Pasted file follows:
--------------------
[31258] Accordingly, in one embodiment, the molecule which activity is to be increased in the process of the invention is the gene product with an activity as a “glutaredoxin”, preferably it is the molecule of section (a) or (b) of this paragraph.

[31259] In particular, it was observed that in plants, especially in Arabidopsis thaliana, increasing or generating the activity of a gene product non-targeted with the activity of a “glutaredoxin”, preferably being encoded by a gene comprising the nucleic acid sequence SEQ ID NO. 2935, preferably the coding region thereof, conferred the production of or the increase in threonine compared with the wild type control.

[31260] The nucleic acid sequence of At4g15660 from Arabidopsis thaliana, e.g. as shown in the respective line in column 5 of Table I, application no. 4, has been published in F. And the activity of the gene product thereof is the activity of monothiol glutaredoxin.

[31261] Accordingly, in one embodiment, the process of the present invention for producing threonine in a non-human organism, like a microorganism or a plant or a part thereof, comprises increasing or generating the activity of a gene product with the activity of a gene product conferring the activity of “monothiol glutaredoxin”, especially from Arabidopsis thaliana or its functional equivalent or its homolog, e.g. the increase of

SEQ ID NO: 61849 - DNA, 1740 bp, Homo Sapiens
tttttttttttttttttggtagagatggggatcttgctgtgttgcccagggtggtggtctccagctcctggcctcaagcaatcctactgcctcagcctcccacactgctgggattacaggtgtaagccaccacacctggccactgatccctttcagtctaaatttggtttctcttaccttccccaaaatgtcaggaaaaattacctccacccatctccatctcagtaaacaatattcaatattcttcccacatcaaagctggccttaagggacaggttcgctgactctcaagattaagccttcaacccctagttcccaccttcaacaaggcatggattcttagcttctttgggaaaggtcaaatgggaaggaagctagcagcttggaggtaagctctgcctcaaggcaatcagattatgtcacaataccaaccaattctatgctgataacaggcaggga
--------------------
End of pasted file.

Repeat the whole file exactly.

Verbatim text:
[31258] Accordingly, in one embodiment, the molecule which activity is to be increased in the process of the invention is the gene product with an activity as a “glutaredoxin”, preferably it is the molecule of section (a) or (b) of this paragraph.

[31259] In particular, it was observed that in plants, especially in Arabidopsis thaliana, increasing or generating the activity of a gene product non-targeted with the activity of a “glutaredoxin”, preferably being encoded by a gene comprising the nucleic acid sequence SEQ ID NO. 2935, preferably the coding region thereof, conferred the production of or the increase in threonine compared with the wild type control.

[31260] The nucleic acid sequence of At4g15660 from Arabidopsis thaliana, e.g. as shown in the respective line in column 5 of Table I, application no. 4, has been published in F. And the activity of the gene product thereof is the activity of monothiol glutaredoxin.

[31261] Accordingly, in one embodiment, the process of the present invention for producing threonine in a non-human organism, like a microorganism or a plant or a part thereof, comprises increasing or generating the activity of a gene product with the activity of a gene product conferring the activity of “monothiol glutaredoxin”, especially from Arabidopsis thaliana or its functional equivalent or its homolog, e.g. the increase of

SEQ ID NO: 61849 - DNA, 1740 bp, Homo Sapiens
tttttttttttttttttggtagagatggggatcttgctgtgttgcccagggtggtggtctccagctcctggcctcaagcaatcctactgcctcagcctcccacactgctgggattacaggtgtaagccaccacacctggccactgatccctttcagtctaaatttggtttctcttaccttccccaaaatgtcaggaaaaattacctccacccatctccatctcagtaaacaatattcaatattcttcccacatcaaagctggccttaagggacaggttcgctgactctcaagattaagccttcaacccctagttcccaccttcaacaaggcatggattcttagcttctttgggaaaggtcaaatgggaaggaagctagcagcttggaggtaagctctgcctcaaggcaatcagattatgtcacaataccaaccaattctatgctgataacaggcaggga